As a continuation of this experiment, the kidneys of the same mice were extracted to observe the differences for the mice that contained platelets and the ones that lacked platelets. After counting the colonies of C. albicans, they found that the colonies found in the kidneys of mice who lacked platelets significantly exceeded the mice who contained platelets (Figure 2) (Conti & Hunter, 2017).

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Figure 2

The problem is that the reason why an abundant amount of C. albicans colonies had reached the kidneys of the mice without platelets in their blood is unknown. It is possible that the lack of platelets caused an abundance of C. albicans, thus infecting the kidneys. However, it is also possible that the lack of platelets damaged the kidneys, and caused the abundance of C. albicans. Therefore, the purpose of this experiment was to examine the effectiveness of platelets in whole blood on reducing C. albicans colonies in vitro in order to provide additional support for the original experiment. It was expected that platelets would participate in host defense against C. albicans in whole blood. The rationale stemmed from first, the past studies which show that there was a correlation between patients who contained a low number of platelets in their blood and a high occurrence of infections. Second, from the experiments showing the effectiveness of platelets killing E. coli and S. aureus. And third, the study showing that there were C. albicans colonies on the kidney of the mice directly following the infection of the mice with oropharyngeal candidiasis.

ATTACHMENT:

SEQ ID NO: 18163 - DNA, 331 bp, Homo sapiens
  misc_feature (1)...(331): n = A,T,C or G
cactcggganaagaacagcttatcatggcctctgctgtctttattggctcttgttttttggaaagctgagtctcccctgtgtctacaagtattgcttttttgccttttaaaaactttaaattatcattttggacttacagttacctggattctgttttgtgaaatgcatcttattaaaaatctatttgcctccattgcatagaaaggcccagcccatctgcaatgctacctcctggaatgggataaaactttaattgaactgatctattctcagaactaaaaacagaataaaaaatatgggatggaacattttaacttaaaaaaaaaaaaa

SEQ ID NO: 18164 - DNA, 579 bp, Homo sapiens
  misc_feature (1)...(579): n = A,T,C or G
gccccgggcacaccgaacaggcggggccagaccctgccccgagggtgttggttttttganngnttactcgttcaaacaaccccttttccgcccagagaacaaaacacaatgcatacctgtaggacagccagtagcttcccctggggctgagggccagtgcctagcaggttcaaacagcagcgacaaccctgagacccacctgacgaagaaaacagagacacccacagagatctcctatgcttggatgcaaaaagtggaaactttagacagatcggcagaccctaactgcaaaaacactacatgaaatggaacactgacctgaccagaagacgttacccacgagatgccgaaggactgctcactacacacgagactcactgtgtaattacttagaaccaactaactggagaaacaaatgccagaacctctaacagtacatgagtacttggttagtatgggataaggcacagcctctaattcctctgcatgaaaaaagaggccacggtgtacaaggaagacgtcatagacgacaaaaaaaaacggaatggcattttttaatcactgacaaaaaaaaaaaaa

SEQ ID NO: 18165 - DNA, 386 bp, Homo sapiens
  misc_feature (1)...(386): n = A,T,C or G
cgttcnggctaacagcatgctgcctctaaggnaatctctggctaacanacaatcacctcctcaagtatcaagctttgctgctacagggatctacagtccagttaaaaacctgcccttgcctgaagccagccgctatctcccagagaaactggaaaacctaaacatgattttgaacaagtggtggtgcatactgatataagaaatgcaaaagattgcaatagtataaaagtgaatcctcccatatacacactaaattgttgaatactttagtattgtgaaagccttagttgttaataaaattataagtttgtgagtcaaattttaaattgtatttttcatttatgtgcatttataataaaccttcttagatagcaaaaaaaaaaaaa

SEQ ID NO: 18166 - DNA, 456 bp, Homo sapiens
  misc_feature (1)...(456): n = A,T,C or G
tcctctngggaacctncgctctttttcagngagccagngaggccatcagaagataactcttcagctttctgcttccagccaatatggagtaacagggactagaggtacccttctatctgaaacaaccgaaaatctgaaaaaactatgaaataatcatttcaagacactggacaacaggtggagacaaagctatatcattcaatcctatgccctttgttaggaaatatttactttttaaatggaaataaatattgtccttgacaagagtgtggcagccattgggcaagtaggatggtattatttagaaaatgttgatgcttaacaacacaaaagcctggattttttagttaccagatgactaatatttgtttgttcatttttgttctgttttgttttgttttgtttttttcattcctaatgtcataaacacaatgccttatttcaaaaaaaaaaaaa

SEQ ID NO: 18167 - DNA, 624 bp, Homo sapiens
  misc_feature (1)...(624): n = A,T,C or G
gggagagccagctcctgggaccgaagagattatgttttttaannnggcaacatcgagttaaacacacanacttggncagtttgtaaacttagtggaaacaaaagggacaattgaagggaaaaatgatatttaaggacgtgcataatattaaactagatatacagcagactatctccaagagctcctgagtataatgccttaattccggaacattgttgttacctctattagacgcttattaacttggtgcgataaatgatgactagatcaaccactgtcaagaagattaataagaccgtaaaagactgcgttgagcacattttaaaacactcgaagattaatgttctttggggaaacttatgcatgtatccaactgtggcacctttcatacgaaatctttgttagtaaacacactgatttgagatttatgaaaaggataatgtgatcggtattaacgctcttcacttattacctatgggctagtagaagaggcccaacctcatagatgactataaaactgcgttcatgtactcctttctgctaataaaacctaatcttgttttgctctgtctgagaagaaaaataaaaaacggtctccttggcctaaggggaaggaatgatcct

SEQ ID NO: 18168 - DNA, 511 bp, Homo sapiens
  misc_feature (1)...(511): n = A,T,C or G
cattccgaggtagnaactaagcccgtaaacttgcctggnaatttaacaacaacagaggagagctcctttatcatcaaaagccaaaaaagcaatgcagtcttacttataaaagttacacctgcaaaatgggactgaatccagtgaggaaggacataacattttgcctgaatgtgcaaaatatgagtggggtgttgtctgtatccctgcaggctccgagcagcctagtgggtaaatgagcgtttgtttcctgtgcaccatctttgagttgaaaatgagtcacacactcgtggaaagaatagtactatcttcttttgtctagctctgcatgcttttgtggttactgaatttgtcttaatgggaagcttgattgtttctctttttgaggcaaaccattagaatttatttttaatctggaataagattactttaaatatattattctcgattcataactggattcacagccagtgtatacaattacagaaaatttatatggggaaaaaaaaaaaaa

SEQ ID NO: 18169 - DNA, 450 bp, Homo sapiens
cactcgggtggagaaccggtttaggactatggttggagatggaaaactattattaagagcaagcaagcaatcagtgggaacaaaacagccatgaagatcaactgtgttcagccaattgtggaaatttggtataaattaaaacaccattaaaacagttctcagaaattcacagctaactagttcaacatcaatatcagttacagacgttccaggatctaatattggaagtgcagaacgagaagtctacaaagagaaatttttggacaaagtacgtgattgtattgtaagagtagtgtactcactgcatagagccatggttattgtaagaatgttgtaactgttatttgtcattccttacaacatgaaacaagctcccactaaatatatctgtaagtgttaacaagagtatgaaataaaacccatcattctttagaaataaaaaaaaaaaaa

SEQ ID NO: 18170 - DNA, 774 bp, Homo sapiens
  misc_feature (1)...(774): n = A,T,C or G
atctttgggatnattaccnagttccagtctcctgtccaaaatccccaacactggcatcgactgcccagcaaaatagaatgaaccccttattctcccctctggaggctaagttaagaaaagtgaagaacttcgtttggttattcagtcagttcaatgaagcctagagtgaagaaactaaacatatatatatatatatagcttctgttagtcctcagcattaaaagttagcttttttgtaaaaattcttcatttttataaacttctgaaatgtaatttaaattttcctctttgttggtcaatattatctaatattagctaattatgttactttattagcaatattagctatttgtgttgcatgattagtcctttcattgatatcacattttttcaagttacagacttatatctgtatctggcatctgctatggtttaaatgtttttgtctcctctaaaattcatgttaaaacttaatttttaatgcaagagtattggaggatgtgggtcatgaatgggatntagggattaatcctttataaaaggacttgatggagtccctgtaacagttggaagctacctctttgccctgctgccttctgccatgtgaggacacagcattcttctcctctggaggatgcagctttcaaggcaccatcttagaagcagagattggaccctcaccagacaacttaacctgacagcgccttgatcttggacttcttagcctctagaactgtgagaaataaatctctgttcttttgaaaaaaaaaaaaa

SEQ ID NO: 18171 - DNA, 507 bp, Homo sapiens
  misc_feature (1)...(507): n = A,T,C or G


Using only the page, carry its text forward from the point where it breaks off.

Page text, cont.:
The first experimental procedure was to create the media used for plating. In a two liter Erlenmeyer flask, 50 grams of yeast extract peptone dextrose (YPD) medium, 15 grams of agar, and 950 mL of deionized water were all mixed together on a stir plate until a homogenous mixture was created. The mixture was then autoclaved for 40 minutes at 121℃. After retrieving the media from the autoclave, 13 mL of the media was placed in 75 plates.

Secondly, the original 107 inoculum of C. albicans was diluted down to 105 and 104 to serve as the control. This was done three times to result in three 105 inoculums and three 104 inoculums. Then, around 500 µL of blood was extracted from three different mice using cardiac puncture, all containing platelets in their bloodstream. 100 µL of blood from one mouse was placed into two different microcentrifuge tubes, one labeled “+” for the addition of thrombin (a potent platelet activator) and the other labeled “-” for the lack of thrombin. This was done for all three mice, resulting in six tubes. Then, 10 µL of C. albicans with an optical density reading of 0.81 at 600nm was added to all six tubes. Following this, 10 µL of thrombin was put into the three tubes labeled “+” and 10 µL of phosphate-buffered saline (PBS) solution was put into the other three tubes labeled “-.” These six tubes incubated for an hour at 37℃.

After one hour, serial dilutions were performed in duplicate using PBS solution. Next, 24 YPD plates were obtained and 10 plating beads were set on each plate. Then, 100 µL of each dilution was put on each plate, shaken sufficiently with the plating beads inside, and the beads were emptied from the plates. The plates were then incubated for 48 hours. After this period, the number of C. albicans colonies on each plate was counted.

The same experiment was repeated with the blood of six more mice, three of which contained platelets in the blood stream and three which were platelet-depleted. After extracting the blood to confirm that the blood did not in fact contain any platelets, flow cytometry was used (Figure 3). The Figure shows that in the blood without platelets, there are no data points in the circled area. Additionally, a marker for platelets can be detected in control mice while the marker is absent in depleted mice showing that platelets are undetectable.